Since we’re close to embarking on a pretty significant renovation of our main sanctuary at Coast Hills, I thought I would kick off a series on successful renovations. This comes not only from my own experience, but from dozens of others. Just about every month I receive at least one e-mail about a church doing a renovation; and often it’s not going well.
The reasons renovations, or new builds for that matter, don’t go well are not really complicated. The problems tend to stem from a fundamental lack of understanding of how complex even simple AVL (audio-video-lighting) systems are. I’ve heard pastors say, “We’ll just hang some speakers in there, don’t worry about it,” without any thought to how incredibly bad that can be. Of course, they’ll complain about how bad it is later, and probably blame the sound guy.
So let me say this right at the beginning of this series, if you’re talking about a renovation or build project, now is the time to bring the AVL guys into the discussion. Pastors tend to say, “We’re not there yet, we’ll engage you when we’re closer.” And that is the problem. The time to start planning a successful AVL system is at the dreaming stage.
Define the ministry objectives, then design the building and AVL system. Those two design processes should go hand-in-hand. As you begin to dream about the kinds of ministry you’d like to see happening in the building, give the AVL guys a chance to dream about the ways technology can be integrated into that plan. Technology can be incredibly powerful, but only when it’s done in a way that supports the mission and vision of the church. Otherwise, it’s in the way.
As you define your mission and vision and figure out how the building will be used, the AVL guys can be designing a system that supports it. Some churches will protest at this point, saying they can’t afford good design. Those are the same churches that can find enough money to do the job two or three times. Doing things right the first time will always cost less than doing it wrong a few times first. Always.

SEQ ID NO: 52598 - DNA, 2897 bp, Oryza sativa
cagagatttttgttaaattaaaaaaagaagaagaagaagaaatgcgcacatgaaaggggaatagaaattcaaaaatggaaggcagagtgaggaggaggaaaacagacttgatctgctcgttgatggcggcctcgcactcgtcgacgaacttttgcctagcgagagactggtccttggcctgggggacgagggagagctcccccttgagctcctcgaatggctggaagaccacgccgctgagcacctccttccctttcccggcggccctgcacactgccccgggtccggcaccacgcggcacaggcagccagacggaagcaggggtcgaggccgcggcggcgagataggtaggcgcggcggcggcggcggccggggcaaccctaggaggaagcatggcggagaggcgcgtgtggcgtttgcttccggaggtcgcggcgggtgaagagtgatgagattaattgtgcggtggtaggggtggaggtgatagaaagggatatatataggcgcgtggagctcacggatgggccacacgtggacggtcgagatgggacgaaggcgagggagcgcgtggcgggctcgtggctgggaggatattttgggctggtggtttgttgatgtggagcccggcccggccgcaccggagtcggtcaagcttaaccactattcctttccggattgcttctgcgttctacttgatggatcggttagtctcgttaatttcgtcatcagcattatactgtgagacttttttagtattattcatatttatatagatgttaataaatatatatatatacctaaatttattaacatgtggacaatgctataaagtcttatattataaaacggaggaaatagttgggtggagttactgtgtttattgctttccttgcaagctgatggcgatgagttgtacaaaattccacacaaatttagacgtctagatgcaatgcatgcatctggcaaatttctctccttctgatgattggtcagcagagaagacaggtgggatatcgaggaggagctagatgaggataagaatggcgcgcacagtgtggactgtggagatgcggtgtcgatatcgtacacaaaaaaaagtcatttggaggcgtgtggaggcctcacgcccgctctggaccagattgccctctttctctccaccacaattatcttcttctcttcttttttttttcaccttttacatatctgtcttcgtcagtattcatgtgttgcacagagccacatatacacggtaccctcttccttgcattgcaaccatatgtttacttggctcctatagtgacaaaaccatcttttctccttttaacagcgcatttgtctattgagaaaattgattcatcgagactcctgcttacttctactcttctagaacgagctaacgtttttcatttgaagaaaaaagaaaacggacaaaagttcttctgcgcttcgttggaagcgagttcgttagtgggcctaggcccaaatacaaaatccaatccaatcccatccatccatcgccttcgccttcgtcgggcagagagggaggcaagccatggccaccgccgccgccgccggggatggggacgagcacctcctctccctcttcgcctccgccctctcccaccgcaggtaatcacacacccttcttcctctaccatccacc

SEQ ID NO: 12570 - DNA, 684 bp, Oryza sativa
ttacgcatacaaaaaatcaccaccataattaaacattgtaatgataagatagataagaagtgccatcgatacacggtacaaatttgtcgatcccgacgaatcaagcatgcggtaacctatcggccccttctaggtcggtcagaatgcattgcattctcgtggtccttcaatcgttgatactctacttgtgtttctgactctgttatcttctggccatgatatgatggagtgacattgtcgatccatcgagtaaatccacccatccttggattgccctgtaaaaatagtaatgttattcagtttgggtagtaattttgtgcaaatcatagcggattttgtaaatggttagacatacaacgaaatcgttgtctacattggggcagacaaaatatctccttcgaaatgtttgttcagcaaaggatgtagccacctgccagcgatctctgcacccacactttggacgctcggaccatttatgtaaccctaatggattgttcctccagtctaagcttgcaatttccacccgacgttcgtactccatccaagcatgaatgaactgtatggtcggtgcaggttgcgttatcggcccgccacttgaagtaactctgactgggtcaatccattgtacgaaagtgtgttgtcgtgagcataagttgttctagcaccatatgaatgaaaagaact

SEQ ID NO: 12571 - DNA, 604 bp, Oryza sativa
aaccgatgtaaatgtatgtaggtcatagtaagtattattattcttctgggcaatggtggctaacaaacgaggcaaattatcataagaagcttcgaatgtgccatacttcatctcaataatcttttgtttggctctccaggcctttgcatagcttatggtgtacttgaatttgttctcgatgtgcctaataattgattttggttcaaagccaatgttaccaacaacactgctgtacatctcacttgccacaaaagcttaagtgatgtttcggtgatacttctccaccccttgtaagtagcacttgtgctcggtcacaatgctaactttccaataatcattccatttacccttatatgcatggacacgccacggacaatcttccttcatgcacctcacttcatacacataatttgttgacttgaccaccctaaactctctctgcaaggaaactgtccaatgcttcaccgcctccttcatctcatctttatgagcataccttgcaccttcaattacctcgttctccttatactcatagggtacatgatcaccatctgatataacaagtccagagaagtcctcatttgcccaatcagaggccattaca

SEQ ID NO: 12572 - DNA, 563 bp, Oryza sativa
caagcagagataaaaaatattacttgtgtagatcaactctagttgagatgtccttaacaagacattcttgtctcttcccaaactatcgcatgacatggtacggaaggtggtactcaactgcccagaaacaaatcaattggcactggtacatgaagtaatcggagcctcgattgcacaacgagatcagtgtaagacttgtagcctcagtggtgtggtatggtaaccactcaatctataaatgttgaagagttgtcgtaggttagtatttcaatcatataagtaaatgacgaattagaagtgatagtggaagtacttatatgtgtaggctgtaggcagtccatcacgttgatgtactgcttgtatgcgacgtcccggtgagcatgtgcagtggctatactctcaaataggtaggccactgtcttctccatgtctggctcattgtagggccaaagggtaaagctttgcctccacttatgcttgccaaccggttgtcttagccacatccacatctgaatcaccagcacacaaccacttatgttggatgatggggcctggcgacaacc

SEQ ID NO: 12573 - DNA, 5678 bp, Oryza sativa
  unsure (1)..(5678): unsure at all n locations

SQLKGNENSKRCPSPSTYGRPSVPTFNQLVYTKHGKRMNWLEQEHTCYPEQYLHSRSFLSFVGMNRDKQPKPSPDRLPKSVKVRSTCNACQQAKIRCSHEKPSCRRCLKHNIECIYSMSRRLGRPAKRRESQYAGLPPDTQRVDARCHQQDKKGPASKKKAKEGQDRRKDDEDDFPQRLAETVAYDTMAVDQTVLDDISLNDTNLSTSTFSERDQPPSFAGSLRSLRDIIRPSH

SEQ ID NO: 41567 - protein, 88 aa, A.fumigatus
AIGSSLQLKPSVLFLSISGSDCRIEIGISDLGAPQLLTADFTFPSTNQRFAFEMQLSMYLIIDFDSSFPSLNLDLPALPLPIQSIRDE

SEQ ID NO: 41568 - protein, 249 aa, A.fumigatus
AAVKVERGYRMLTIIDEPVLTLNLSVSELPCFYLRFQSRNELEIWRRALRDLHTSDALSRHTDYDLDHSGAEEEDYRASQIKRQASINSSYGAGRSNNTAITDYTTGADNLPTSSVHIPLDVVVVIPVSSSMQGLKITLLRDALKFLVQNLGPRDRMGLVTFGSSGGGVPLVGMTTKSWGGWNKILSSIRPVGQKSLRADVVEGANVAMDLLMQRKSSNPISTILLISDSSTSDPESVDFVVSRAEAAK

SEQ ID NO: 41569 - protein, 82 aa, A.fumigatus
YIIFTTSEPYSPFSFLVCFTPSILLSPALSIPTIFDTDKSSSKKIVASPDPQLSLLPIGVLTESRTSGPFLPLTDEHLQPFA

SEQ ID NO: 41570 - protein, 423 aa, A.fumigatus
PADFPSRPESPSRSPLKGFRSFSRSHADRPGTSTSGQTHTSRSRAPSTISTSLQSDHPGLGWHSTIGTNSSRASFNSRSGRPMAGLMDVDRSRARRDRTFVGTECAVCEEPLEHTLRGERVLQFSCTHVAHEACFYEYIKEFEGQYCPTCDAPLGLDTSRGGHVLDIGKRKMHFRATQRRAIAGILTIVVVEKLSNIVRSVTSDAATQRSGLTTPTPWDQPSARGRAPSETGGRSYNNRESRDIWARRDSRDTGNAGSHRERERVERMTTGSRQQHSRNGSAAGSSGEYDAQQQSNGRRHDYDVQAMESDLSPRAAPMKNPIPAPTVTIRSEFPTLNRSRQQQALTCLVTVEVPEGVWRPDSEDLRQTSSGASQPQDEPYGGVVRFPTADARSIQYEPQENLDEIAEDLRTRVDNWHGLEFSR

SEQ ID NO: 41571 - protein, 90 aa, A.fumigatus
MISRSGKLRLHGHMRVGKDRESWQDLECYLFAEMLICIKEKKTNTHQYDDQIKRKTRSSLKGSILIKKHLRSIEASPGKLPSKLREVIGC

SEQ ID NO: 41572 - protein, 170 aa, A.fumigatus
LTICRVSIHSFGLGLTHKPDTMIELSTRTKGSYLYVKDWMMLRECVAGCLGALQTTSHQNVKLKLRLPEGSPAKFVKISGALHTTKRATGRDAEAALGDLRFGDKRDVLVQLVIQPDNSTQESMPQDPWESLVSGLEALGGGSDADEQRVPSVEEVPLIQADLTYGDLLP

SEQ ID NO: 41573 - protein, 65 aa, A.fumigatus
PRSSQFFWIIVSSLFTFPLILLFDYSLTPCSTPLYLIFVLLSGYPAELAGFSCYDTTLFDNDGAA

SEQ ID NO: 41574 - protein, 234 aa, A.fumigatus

The AVL system integrates with every trade and building practice. This is another reason to get the AVL guys involved early. Even a simple system uses a lot of conduit. Power is needed in very specific places—and it needs to be the right kind of power. Structure must be in place to support rigging the speakers, video walls, screens, projectors and lighting. We have to make sure HVAC ducts are not in the way of lighting instruments, speakers and other stuff we’ll be hanging in the air. Building design elements will either help or hurt sound and sight lines.
It’s a lot easier and cheaper to have the AVL guys in the room early to call out things like that. Otherwise, we come in with a big red marker after most of the plans are drawn and mark up what we need. This adds cost, time and often, a significant amount of stress.
Don’t assume that the architect knows what will be needed in an AVL system. That’s something else I hear often, “Don’t worry about it, the architect will handle that.” Unless the architect has also been designing sound, lighting and video systems for a decade—systems that are really good—you better get an expert in. I have spent the last 20 years tearing out systems that were “designed” by architects, the cheapest contractor and well-meaning but completely uninformed volunteers. I’m begging you, bring in some experts. Early.
I don’t know if it’s pride, arrogance or both that keeps leaders making the same mistakes. I know they don’t teach the building process in pastor school, yet we have a large enough body of knowledge to do this right. For some reason, I watch church after church push the AVL guys out of the way, bully them into silence, then beat them up when the system comes out badly.
In 2014, we know how to do a great job with a building. It takes communication, planning, knowledge, good design and having the right people in the room from day one. I think it’s time we stop wasting our congregations’ money on projects that are not functional.
As we go through this series, I’ll help you define your system objectives, develop an initial budget, choose key technologies, design a system that works for your church, work up reasonable install timelines and commission the final system. That’s a lot; but that’s what a project looks like. A building project is no small undertaking, and it deserves to be handled wisely. My hope is that as we go on this journey together, more projects will go more smoothly. Buckle up—it’s going to be a wild ride!